Assault the battery
Posted by Daniel Hall on June 24, 2008
But, why does the government have to provide the incentive? Shouldn’t markets do that? What am I missing?
Well, one potential reason, and something we’ve mentioned here before, is that much economic research finds that the existence of knowledge spillovers means that the socially optimal level of R&D investment is (conservatively) two to four times the level of actual investment. In other words, we as society get more than we pay for when we fund R&D.
Other commenters argue that the prize is unnecessary on more practical grounds. Tom Lee says:
But if someone were to invent a better [battery] they’d already be poised to make a huge amount of money through its commercialization. Offering prizes for innovation isn’t always a terrible idea — for pharmaceuticals with a limited market of potential users it can make sense due to the huge costs associated with developing and testing a new drug. But everyone in the developed world needs better energy storage technology, and they need it right now. … So sweetening the pot is unnecessary. Anyone who has a good idea about how to build a better battery is already working on the problem.
I’ll admit this argument sounds pretty convincing. Given the price of oil there’s a strong existing incentive to develop better batteries. Still, the possibility of knowledge spillovers lurks in the background…
Which brings us to a comment from a Free Exchange blogger, who argues that the structure of a prize doesn’t fit the problem:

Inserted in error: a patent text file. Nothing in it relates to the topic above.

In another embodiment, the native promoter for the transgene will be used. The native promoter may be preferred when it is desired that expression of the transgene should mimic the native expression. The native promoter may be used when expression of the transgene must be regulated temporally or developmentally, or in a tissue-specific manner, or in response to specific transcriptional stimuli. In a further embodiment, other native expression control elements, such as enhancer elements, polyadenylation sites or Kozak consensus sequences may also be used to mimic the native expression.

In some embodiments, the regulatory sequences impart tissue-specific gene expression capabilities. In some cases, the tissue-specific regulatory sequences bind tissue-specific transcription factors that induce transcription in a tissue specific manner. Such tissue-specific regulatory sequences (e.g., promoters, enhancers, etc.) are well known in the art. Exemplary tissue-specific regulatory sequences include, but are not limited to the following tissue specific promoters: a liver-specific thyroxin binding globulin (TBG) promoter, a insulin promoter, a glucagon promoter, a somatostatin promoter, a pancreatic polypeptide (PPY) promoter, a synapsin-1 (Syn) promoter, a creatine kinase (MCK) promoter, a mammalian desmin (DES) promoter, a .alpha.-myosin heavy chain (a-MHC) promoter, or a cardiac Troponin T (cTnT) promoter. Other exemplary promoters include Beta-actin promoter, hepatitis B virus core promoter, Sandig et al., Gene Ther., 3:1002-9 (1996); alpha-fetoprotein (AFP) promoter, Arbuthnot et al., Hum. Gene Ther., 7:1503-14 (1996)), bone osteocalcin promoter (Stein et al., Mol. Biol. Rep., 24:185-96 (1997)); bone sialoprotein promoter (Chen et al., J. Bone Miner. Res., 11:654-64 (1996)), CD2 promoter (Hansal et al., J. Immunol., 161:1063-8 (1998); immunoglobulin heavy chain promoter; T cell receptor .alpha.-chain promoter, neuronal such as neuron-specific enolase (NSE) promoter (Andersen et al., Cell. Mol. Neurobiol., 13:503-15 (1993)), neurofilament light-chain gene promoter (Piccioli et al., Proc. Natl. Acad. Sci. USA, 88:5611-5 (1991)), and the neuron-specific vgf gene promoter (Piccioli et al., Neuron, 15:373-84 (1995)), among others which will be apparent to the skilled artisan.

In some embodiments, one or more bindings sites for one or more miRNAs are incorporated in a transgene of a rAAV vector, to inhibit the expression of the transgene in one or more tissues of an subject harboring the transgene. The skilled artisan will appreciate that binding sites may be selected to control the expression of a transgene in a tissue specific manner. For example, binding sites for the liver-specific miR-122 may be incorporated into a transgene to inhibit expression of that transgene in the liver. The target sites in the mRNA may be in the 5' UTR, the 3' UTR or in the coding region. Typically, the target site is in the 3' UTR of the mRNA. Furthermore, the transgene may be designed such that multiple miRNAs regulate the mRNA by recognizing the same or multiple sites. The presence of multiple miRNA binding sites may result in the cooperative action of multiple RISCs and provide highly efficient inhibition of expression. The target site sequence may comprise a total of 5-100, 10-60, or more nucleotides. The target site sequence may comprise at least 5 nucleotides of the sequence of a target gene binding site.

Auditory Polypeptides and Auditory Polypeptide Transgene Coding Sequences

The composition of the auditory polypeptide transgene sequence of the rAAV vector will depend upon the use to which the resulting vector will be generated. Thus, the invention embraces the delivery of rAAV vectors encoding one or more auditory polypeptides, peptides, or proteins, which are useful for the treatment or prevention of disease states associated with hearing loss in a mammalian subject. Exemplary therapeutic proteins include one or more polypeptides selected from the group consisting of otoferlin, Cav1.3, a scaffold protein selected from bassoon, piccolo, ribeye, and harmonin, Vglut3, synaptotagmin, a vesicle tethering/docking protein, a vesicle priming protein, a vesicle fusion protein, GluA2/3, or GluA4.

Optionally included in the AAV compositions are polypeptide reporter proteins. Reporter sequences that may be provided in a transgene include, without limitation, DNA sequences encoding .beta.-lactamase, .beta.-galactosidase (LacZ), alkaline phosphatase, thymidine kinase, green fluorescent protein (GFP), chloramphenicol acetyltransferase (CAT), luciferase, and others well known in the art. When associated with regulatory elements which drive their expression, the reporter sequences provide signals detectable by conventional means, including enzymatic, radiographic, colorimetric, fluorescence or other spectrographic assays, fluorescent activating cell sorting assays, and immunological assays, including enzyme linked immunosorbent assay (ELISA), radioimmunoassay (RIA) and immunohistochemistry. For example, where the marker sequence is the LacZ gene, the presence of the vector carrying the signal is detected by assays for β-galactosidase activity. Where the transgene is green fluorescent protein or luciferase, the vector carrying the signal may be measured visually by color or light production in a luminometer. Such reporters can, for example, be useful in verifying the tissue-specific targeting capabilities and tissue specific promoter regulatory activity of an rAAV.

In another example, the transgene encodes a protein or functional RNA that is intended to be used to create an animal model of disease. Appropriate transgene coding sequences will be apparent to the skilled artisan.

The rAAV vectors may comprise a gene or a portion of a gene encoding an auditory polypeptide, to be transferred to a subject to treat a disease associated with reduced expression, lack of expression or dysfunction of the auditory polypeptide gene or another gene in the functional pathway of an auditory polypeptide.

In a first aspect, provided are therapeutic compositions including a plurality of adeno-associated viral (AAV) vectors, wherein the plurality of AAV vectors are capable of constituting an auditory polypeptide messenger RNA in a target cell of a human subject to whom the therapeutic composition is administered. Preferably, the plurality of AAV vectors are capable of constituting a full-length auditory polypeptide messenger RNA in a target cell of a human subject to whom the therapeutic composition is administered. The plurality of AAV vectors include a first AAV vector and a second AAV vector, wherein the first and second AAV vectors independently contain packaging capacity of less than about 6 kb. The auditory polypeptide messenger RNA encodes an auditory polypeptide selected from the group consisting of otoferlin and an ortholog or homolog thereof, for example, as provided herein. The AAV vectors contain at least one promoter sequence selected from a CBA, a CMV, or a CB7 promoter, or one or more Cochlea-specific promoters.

The question is, will the prize induce an increase in research activity? Where batteries are concerned, this seems highly unlikely. Prizes are better suited to areas where there is not yet a clear market application for a discovery…
I can think of one arena where better energy storage could be put to very good use, and yet simultaneously lacks a clear market signal: electricity. The grid is still essentially a regulated environment. Energy storage would greatly increase the attractiveness of many renewable generation technologies which are inherently intermittent, but the “market” for such an innovation is a fragmented patchwork of regulatory agencies.
I suspect that energy storage for the grid might be a socially desirable spillover from McCain’s auto battery prize. This means that his proposal is less bad than many seem to think — but also less good than either a direct prize for grid-based energy storage, or a reform of our transmission policies.